It is not possible to write even briefly about Vian without taking into account his admiration for Alfred Jarry and for Jarry’s incomparable creation Père Ubu – Pa Ubu. Jarry chronicled Ubu’s monstrous adventures in a celebrated trilogy of plays, (2) and the presence of the great booby looms large behind several of Vian’s inspired literary provocations, particularly his own plays L’Equarrissage pour tous and Le Goûter des Généraux. Equally important in the evolution of Vian’s thought is Jarry’s “science” of pataphysics, of which Ubu himself claims the paternity when he proclaim loftily: “Pataphysics is a branch of science which we have invented and for which a crying need is generally experienced” (Ubu Cocu, I, 3). Jarry elaborated this “branch of science” in 1898 in his astonishing and unclassifiable work Les Gestes et opinions du docteur Faustroll pataphysicien (The Exploits and Opinions of Dr Faustroll, Pataphysician). (3) It is sufficient to recall, in the present context, that according to Jarry:
“Pataphysics is the science of that which is superinduced upon metaphysics, extending as far beyond metaphysics as the latter extends beyond physics. Ex: an epiphenomenon being often accidental, pataphysics will be, above all, the science of the particular, despite the common opinion that the only science is that of the general. Pataphysics will examine the laws that govern exceptions, and will explain the universe supplementary to this one; or, less ambitiously, will describe a universe which can be – and perhaps should be — envisaged in the place of the traditional one… Definition: Pataphysics is the science of imaginary solutions…” (Faustroll, Chapter 8).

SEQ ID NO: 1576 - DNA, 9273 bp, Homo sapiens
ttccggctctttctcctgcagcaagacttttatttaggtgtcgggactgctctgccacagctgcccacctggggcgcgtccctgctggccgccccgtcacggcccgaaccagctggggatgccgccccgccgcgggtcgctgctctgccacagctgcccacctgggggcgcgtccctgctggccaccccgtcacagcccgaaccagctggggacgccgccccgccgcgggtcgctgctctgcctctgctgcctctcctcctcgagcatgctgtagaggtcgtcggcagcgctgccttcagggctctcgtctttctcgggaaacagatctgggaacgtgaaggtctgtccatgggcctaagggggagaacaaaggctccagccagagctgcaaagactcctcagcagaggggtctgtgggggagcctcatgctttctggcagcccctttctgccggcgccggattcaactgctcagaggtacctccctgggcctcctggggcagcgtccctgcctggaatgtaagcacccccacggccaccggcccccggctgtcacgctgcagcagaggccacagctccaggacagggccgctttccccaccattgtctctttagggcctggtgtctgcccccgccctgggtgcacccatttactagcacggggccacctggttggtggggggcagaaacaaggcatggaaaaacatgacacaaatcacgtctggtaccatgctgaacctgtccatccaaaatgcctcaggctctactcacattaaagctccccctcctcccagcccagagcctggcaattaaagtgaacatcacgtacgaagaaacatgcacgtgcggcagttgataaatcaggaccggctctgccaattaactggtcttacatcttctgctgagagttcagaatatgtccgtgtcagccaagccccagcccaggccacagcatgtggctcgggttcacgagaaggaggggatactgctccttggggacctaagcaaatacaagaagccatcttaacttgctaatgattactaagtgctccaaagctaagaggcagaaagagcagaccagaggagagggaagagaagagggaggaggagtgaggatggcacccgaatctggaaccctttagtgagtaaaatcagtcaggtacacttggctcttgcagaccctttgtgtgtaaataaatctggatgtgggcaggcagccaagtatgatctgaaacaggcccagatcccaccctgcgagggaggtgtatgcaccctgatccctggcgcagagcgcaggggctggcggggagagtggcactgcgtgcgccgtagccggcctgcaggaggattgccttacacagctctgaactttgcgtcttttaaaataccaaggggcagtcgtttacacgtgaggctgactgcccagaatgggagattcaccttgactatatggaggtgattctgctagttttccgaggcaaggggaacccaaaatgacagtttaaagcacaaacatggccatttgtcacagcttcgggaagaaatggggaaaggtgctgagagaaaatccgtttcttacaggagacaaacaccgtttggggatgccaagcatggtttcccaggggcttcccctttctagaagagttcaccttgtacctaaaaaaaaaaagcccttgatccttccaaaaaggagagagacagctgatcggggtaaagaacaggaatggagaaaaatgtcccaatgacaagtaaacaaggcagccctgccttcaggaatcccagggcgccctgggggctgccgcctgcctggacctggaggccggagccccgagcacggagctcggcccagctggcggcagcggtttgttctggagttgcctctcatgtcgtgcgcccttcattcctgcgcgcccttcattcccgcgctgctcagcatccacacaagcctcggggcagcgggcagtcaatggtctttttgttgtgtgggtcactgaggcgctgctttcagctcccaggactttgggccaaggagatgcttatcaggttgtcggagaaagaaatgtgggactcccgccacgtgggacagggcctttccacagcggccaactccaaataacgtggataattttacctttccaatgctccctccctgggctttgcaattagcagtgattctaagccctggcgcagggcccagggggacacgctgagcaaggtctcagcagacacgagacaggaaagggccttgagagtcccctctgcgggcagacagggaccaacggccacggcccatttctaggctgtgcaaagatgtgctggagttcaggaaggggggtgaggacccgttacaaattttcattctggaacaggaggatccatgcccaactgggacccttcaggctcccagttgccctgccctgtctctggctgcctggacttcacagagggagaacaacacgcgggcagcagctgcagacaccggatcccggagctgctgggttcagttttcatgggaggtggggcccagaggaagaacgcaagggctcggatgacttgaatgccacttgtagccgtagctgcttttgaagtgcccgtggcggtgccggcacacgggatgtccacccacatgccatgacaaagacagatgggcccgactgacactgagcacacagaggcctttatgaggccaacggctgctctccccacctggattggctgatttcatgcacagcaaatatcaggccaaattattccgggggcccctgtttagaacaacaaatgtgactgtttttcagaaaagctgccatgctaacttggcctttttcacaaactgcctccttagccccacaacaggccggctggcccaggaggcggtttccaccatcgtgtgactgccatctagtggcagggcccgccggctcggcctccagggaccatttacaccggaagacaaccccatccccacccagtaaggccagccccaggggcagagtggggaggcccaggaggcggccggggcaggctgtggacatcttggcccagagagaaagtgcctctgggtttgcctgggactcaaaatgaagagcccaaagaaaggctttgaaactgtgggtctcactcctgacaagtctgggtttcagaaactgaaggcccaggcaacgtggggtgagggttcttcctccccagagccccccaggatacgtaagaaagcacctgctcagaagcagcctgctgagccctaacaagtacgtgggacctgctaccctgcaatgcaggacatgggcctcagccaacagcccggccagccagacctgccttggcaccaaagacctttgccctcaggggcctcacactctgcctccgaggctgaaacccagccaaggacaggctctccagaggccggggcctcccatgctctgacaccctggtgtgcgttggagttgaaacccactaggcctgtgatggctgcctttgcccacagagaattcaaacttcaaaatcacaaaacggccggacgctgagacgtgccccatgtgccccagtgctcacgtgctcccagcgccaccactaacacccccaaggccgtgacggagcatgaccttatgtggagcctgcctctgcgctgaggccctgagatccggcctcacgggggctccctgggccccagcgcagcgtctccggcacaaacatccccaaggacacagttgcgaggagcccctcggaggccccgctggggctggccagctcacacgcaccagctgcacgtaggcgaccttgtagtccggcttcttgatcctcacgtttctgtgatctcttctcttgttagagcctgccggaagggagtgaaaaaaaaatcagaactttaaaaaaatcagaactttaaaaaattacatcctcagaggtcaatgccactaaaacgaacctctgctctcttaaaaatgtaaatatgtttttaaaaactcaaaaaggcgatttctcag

In 1946 Vian had already written, in his preface to L’Ecume des jours: “The most important thing in life is to have a priori opinions on everything, since it seems that the masses are usually wrong, and individuals always right.” And even earlier (as he subsequently related) he had acquired his first revelation of pataphysics in the pronouncement by a character in some play that “I like to set myself thinking about things that I think other people are unlikely to be thinking about.” What more natural, then, than that in 1952 Vian should have gravitated towards a group of conscious pataphysicians with whom his long-time friend Raymond Queneau was associated. The Collège de ‘Pataphysique had been founded in 1948, precisely fifty years after Jarry completed Faustroll, to glorify the memory of Jarry’s many-faceted genius, and to explore further the imaginary worlds of Pa Ubu and Dr Faustroll. In the Collège Vian joined a joyous and distinguished company that, in addition to Queneau, included figures as diverse as Eugène Ionesco, Jacques Prévert, Marcel Duchamp, Max Ernst, Jean Dubuffet, René Clair, the ethnologist Michel Leiris, the mathematician François Le Lionnais, the Arctic explorer Paul-Emile Victor…